<ul>
<li>Some schools recalculate GPA their own way.</li>
<li>Some schools look over the actual courses and grades on the transcript.</li>
<li>Some schools use class rank instead of grades or GPA.</li>
<li>Some schools are open admission and really do not care about previous grades.</li>
</ul>

<p>The funny part is that the article references that grades may not be that important for some schools, which morphs into the headline that says "some colleges don't care about GPAs", which morphs into the title of this thread "Most colleges don't care about GPAs".</p>

<p>This thread is a good example of headline inflation.</p>

<p>'Headline inflation' - great term!</p>

<p>Definitely headline inflation! Interestingly, another parent (who hasn't gone through the college admissions process yet) cited this article, and was excitingly telling everyone that GPAs don't matter anymore. I hadn't seen this article yet, but told her that she was misinformed and the article wasn't accurate. Based on our experience last year, and son applied to 16 colleges, most of which are highly selective, the main two things that matter are the numbers - GPA and test scores. If you make that cut, then the rest (essays, ECs, awards, etc), come into consideration.</p>

<p>This is incredibly timely discussion for me. I have a designed a college comparison spreadsheet for kids I help. I left off GPA b/c it simply too subjective. Kids will include their electives to inflate GPa, some schools do not weight, and in the end the colleges are using their own calculations while looking at the high school profile. </p>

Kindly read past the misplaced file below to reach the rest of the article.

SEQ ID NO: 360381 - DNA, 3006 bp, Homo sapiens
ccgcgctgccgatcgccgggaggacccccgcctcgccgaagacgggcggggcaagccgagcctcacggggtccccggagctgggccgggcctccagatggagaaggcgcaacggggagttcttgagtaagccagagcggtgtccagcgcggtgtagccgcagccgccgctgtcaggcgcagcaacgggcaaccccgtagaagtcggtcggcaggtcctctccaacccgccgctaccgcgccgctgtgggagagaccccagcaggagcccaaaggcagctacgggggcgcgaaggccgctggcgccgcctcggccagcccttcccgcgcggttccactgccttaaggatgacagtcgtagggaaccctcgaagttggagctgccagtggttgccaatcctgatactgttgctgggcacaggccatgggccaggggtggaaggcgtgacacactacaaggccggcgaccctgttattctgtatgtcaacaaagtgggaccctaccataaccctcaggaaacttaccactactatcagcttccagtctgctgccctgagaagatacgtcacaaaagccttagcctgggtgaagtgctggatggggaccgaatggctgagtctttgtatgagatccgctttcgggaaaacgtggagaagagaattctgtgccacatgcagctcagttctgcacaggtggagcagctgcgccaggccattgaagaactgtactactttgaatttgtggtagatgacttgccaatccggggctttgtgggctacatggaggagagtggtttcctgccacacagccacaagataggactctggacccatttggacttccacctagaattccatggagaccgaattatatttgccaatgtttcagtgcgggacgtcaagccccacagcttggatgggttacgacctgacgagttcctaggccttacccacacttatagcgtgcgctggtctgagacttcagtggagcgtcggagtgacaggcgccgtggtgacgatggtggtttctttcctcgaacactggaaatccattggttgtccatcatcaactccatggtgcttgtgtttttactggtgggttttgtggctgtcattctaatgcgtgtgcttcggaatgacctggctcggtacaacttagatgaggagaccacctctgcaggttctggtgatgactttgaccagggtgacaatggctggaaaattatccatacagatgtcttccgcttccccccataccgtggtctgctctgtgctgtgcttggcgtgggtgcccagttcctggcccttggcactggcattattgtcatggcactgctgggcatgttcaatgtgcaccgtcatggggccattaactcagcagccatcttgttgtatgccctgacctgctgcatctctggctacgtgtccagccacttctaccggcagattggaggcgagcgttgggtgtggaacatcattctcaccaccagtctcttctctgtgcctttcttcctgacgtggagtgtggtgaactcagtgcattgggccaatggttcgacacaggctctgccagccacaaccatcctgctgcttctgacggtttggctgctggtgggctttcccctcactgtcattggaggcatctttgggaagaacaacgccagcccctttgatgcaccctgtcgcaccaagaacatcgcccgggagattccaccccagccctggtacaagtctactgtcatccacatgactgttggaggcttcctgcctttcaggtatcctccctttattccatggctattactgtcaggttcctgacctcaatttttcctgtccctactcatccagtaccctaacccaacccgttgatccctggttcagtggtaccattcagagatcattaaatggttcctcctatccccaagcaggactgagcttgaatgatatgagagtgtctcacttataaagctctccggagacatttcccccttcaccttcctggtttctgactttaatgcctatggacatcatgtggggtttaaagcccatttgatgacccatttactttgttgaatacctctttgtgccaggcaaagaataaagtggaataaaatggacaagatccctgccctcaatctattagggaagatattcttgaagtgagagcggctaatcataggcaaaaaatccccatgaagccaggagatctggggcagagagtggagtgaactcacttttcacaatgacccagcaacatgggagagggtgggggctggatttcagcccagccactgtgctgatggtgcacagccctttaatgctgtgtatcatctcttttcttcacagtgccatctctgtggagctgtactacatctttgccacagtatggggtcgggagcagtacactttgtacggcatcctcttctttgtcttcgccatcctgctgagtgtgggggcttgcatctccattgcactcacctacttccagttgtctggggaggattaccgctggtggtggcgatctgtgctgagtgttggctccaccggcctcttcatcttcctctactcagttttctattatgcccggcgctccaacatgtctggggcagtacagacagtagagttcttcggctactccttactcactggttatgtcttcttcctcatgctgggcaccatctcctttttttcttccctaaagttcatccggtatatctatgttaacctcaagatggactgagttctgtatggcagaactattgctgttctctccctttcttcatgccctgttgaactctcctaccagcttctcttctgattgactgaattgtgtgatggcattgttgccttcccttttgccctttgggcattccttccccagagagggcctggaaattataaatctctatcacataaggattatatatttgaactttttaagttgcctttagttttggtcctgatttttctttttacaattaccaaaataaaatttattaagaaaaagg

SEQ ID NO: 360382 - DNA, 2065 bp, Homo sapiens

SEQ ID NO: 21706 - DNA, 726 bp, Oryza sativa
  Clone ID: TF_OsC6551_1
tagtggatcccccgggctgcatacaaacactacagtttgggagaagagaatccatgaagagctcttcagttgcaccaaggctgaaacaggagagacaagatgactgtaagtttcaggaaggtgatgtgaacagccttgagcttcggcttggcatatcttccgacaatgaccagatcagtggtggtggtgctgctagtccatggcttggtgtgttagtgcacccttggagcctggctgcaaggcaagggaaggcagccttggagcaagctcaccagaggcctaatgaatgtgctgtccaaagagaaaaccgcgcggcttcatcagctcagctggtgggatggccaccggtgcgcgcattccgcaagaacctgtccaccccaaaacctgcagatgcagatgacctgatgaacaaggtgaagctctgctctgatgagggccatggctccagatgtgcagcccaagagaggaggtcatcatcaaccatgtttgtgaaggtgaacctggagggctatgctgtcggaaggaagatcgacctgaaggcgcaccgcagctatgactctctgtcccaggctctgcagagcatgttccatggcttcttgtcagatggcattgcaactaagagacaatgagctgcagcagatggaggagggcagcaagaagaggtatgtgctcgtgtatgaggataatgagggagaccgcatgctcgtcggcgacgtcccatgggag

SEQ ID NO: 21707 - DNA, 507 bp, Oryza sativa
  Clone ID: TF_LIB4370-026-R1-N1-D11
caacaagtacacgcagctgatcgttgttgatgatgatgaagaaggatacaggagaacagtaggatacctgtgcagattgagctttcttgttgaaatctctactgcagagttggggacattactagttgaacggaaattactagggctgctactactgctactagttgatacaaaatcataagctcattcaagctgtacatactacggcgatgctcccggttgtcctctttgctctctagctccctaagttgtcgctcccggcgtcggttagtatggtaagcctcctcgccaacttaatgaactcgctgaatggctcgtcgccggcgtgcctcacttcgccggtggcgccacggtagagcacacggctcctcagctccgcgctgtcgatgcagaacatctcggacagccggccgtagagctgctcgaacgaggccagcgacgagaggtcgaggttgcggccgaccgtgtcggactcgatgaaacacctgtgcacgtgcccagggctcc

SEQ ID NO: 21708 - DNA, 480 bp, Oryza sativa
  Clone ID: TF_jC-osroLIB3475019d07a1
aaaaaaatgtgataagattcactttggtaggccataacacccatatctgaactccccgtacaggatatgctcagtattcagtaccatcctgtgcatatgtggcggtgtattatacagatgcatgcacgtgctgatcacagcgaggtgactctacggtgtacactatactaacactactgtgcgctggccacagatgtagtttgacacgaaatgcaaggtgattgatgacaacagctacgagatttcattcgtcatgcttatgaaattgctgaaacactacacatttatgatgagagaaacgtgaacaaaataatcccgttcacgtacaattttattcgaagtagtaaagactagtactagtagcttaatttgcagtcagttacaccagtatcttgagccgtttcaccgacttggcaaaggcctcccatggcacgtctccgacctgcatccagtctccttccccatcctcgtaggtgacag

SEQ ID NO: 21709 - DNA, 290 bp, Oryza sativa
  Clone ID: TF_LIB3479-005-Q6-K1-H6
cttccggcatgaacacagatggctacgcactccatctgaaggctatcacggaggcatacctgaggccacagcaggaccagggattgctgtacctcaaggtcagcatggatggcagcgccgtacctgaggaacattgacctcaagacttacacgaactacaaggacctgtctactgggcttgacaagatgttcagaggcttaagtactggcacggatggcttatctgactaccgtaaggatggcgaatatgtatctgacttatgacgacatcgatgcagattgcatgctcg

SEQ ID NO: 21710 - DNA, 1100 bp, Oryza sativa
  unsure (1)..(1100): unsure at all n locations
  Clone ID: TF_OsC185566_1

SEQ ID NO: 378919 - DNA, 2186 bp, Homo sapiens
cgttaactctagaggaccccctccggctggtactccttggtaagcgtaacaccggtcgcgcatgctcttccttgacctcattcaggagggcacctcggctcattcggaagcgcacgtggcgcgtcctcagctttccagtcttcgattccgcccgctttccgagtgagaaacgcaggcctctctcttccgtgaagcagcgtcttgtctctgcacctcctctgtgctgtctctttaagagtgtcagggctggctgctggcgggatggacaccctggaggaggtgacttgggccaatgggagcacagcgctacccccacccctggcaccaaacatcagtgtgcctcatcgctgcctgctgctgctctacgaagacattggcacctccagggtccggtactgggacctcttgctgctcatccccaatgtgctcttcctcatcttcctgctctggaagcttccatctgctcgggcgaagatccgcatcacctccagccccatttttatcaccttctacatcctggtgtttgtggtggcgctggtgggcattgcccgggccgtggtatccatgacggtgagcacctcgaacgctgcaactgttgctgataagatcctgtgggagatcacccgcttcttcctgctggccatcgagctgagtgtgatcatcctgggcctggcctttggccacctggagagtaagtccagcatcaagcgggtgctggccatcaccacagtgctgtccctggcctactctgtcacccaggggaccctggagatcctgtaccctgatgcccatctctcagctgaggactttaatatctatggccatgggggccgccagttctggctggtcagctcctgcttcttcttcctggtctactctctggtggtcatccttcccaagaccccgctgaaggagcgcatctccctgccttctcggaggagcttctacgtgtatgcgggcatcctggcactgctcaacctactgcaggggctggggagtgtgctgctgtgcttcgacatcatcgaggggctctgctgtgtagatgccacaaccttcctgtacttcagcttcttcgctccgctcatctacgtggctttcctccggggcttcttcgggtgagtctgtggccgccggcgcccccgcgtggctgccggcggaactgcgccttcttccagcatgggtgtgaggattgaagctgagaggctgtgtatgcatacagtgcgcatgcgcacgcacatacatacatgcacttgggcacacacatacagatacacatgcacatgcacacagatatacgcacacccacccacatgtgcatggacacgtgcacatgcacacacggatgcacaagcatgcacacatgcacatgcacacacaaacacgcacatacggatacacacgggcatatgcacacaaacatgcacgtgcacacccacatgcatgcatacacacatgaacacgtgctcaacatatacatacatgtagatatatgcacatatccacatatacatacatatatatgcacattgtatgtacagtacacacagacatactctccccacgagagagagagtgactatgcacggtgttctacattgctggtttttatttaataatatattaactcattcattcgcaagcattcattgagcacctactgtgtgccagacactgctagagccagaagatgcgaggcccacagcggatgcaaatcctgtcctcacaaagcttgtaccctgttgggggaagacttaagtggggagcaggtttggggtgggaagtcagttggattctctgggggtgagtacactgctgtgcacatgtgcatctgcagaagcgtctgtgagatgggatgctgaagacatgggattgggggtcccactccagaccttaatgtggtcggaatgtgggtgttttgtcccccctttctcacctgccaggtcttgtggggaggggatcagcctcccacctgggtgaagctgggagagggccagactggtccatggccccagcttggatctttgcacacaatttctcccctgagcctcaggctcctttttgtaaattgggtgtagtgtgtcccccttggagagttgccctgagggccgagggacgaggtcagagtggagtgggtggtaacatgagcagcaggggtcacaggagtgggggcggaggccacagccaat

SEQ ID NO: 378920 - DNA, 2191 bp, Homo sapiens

<p>Indeed the GPA is important it's just not a simple answer.</p>

<p>Hi Sportsmom42-
interesting you say it is all about the numbers. My Senior daughter has experience it to, but the question at what is good enough??? She had one stat not quite as strong as he others and it has haunted her. The following is not meant to brag but to make point and ask question...</p>

<p>Stats-
Top 50 USNWR High School
Top 5 percent (most granular percentile reporting) about 1050 students in class.
Will finish with 11 AP classes (all 3 or better)
3.96 UW and 4.55 W GPA</p>

<br>


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<p>Obviously her Standardized test scores are her chink in her app, if you call them a chink.</p>

<p>We hoped that the holistic application would outweigh the standard test scores. However all the standardized scores are pretty much 25th Percentile for all the top 20 schools. (Meaning that they are not 5th percentile)</p>

<p>She applied Early Decision to Northwestern and we were floored that she was Rejected, not even deferred. SO, I ask, how can 25th percentile score have kept her out?? We had hoped that although not in the upper end, that they would have been enough to get her other characteristics to shine and come out on top! So now she is gathering other acceptances and scholarship and will need to weigh everything out in April. </p>

<p>Best of luck to everyone.
Gschlact</p>

<p>GPAs don't matter.</p>

<p>Man bites dog.</p>

<p>Essays must not have been that excellent. :/</p>

<p>Just my opinion- The average GPA is around 4.0 for the admit class of the elite universities. Assuming 40,000 apps (which is a large statistical population) it just seems to me that if GPA wasn't a consideration then there would be wider dispersion from the near perfection GPA. (mean)?</p>

<p>This article is poorly written in my opinion. The intent to confuse is also apparent. GPA "might" not matter, but grades still do.</p>

<p>What is with these sensational headlines or thread titles recently (this and the "no MCAT" threaD)</p>

<p>For me it's a relief to hear GPA isn't as heavily weighted as I presumed..</p>